If the characters were odd, this was a production that seemed to fit in oddly with Sri Lankan culture. As an attentive ear to the very audible audience whispers during the Pinter informed me, "This is not as funny as the one last year, no?"

That said, there were many interesting parallels and my guess is that Sri Lankan political history would have emerged at least briefly in the thoughts of most viewers. There was less "oddness" in the assimilation of the Ayckbourne and this was evident in the relieved laughter that greeted this performance. This was despite the fact that the Pinter was the stronger of the two. Sanjeev Samarasekera was convincing in his role as the interrogator Nicholas. "The voice of god speaks through me," he said; and this did seem to be the case as he exploded into aggression with the aid of a well used rod. Here was sadism built on an evil laugh moderated by a coolly manipulative air. Samarasinghe was enjoying himself. As far as interaction with other players went, the best cohesion was with Gila played by Shevanthie de Alwis.

In all then, this was a performance that left the desired "odd" after taste. Just about as "odd" as you would expect given the scripts, the audience background and the title. However, the most incomprehensible aspect of the evening was the whispered running commentary of the spectators in the row in front of me. "Odd, odder and oddest" is all I can say.


Good mix from Vishva Lekha

It's heartening to see such a vast array of books appearing at regular intervals for the reading pleasure of the Sinhala reading public. Almost all publishers put out new books regularly. The recent release of eight books by Sarvodaya Vishva Lekha Publishers was a good mix of subjects.

Bauddha Prajatantravadaya, the Sinhala version of Professor Nandasena Ratnapala's Buddhist Democratic Theory & Practice (written by the author himself) is among the new publications. He says it's not a translation of the English work but prefers to call it an attempt to present the same facts in Sinhala having formed his thoughts in Sinhala.

The book discusses the theory and practice of politics based on the teachings of the Buddha. The author hopes that the book will help in formulating a democracy that will identify human qualities based on Buddhist thought.

Eminent ballet producer Premakumara Epitawela (best remembered for Thitta Batha & Selalihini Sandesaya) discusses the history and legend of the Yakkha tribe in Kohomba Kamkariyen Helivana Sangavunu Karunu. The author describes the Kohomba Kankariya as a ritual which moulded the history of the entire Sinhala nation rather than a mere ceremonial dance ritual for King Panduvas Dev, as is commonly believed.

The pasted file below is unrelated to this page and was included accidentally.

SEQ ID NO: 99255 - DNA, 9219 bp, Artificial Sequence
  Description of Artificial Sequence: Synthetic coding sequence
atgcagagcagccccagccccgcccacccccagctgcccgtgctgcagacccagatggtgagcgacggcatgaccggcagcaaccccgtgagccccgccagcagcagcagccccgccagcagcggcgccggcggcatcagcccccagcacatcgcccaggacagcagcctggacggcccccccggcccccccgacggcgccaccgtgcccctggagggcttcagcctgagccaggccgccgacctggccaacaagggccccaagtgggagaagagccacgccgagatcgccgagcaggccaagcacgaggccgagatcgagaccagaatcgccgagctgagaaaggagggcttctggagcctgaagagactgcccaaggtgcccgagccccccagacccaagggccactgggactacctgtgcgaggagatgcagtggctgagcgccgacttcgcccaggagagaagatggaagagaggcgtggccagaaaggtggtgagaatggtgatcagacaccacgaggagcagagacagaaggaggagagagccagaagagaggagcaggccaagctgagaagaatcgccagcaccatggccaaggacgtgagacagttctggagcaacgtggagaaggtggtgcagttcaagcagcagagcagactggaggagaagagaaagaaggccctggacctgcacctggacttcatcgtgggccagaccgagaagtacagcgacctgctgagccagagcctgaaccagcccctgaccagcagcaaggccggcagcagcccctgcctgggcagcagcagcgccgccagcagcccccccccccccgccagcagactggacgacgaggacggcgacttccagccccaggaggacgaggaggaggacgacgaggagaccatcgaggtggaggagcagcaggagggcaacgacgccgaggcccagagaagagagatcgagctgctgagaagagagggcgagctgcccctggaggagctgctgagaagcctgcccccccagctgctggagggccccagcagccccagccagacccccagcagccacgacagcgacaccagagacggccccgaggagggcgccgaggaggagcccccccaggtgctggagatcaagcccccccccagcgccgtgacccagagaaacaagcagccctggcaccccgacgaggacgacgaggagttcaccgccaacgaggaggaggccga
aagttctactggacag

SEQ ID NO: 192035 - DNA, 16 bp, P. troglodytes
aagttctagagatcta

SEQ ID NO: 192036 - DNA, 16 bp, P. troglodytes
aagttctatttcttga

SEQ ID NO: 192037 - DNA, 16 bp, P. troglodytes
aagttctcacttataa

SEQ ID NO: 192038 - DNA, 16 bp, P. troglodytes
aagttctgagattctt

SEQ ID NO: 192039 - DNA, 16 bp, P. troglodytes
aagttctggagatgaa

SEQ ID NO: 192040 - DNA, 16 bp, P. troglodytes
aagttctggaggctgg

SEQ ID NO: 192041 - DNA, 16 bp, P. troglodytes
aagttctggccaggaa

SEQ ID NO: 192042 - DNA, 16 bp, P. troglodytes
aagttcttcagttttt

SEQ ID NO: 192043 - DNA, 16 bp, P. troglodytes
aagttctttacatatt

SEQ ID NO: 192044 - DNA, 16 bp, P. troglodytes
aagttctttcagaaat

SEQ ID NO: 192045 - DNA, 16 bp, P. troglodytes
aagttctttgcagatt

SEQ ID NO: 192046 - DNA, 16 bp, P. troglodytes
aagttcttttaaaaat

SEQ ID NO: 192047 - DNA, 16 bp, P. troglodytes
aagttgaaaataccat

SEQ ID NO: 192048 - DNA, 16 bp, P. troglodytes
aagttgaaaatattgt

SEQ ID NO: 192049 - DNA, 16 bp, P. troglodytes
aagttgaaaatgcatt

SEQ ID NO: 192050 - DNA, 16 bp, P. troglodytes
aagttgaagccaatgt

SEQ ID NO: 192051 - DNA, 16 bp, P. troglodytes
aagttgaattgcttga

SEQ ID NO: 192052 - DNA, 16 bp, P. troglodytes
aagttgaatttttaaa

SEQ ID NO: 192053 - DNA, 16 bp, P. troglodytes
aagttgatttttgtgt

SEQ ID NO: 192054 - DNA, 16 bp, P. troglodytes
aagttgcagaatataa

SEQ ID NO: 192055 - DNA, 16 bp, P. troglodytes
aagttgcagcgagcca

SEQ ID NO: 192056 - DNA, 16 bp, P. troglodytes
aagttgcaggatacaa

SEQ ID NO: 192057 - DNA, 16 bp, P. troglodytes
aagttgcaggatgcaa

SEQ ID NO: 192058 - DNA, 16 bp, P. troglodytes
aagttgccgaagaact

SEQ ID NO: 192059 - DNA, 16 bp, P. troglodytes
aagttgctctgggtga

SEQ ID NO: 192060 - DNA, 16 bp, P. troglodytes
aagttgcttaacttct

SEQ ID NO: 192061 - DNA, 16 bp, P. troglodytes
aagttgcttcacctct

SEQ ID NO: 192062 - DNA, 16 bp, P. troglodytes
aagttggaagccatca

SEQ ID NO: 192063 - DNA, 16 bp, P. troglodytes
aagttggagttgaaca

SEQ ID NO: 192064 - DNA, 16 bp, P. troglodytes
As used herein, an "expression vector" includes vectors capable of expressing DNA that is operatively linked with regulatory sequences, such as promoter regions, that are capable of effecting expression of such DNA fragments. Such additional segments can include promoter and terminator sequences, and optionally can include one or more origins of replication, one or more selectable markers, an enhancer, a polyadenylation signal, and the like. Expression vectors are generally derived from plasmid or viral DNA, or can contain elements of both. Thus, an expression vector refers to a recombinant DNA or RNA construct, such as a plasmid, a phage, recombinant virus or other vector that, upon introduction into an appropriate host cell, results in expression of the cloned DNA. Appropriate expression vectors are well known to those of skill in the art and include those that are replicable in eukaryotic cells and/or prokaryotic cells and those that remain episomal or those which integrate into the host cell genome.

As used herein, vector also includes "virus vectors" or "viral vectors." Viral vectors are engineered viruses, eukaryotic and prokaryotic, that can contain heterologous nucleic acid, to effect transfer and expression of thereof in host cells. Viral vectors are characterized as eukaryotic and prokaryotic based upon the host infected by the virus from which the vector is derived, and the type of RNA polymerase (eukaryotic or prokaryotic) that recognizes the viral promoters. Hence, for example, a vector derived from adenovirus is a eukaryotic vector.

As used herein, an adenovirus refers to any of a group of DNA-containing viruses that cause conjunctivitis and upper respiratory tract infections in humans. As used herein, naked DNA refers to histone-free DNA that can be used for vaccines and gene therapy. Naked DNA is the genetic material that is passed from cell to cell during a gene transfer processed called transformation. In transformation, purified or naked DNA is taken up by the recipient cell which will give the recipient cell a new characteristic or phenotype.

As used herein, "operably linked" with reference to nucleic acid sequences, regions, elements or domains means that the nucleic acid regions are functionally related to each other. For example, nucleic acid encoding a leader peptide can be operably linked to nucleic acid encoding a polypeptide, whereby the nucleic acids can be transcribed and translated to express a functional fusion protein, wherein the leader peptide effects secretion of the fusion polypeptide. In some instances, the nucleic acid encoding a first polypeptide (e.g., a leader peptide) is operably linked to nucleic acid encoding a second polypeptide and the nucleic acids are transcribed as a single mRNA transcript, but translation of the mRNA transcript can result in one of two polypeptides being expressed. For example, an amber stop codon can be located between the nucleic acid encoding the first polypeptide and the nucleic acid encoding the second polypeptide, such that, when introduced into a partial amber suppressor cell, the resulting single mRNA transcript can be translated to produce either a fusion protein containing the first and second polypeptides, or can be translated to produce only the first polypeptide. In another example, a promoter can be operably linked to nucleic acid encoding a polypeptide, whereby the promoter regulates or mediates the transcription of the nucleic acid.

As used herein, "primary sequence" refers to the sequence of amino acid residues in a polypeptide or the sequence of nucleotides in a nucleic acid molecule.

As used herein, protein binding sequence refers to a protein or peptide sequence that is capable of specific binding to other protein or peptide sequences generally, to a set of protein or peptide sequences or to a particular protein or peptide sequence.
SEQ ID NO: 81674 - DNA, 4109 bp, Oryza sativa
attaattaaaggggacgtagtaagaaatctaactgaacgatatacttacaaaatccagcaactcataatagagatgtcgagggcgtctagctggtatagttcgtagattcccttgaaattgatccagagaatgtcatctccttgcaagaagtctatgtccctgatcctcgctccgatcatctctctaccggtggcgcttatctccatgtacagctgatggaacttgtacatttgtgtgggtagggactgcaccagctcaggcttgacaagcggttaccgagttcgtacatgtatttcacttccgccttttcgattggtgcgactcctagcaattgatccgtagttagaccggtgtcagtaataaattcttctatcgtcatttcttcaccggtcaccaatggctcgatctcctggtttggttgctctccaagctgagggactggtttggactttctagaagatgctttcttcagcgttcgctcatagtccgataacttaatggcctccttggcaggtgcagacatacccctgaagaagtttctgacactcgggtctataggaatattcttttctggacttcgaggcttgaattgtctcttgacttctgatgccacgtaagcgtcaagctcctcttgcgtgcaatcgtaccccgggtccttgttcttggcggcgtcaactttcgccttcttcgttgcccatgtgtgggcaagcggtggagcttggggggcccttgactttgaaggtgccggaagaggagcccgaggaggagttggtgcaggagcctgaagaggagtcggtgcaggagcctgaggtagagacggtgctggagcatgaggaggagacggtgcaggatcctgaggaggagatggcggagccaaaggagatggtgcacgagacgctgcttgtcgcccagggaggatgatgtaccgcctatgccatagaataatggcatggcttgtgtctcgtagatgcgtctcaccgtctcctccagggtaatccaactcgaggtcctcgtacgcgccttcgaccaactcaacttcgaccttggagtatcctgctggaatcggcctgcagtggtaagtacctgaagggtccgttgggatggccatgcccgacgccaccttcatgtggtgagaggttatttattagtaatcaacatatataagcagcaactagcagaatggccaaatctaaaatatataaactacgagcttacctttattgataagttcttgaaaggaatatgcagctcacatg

Amaradasa Gunawardena's translations of Ryunosuke Akutagava's short stories - Japan Keti Katha - appear after a lapse of over three decades. The collection includes Rashoman, which was turned into a classic by the great Japanese filmmaker Akira Kurasawa. The book includes a note on contemporary Japanese literature by Professor Sarachchandra and the illustrations are by Mahagama Sekera done when the book came out as a Saman publication in 1962. Guvanviduliya, Rupavahiniya, Janathava is the title of a collection of articles written by by media man Chandrasoma Vithanage (presently Deputy Director-General, Productions at SLRC) on the effects of the printed media, radio and television on the masses.

Twenty biographical sketches written by another media man Tilakaratne Kuruwita Bandara (editor, Sarasaviya) are presented in Sirith Maldama. These include the biographies of eminent statesmen, philosophers, composers & singers, sportsmen, scientists and writers. It's a useful book for easy reference for those interested in famous personalities.

Another journalist and professional photographer Wimalasiri Jayalath's second short story collection comes out under the title Pipunu Atteriya Mal Suvandak (Fragrance of blooming flowers). The stories are based on child characters or child experiences. However, the author believes they will appeal to all readers.

Vishva Lekha introduces a new writer, Lekha Lekamge who presents her maiden collection of creative writings for young ones in Hada Athi Rekha. Young love, forms the theme of most of her stories, which are written in a simple readable style. Yamuna Malini Perera who has made a name for herself as a lyric writer for new wave singers and an award winning poetess has written her maiden novel for young adults titled Sihinayata Samudi. It is the story of an adopted child whose life changes after a child is born to the foster mother.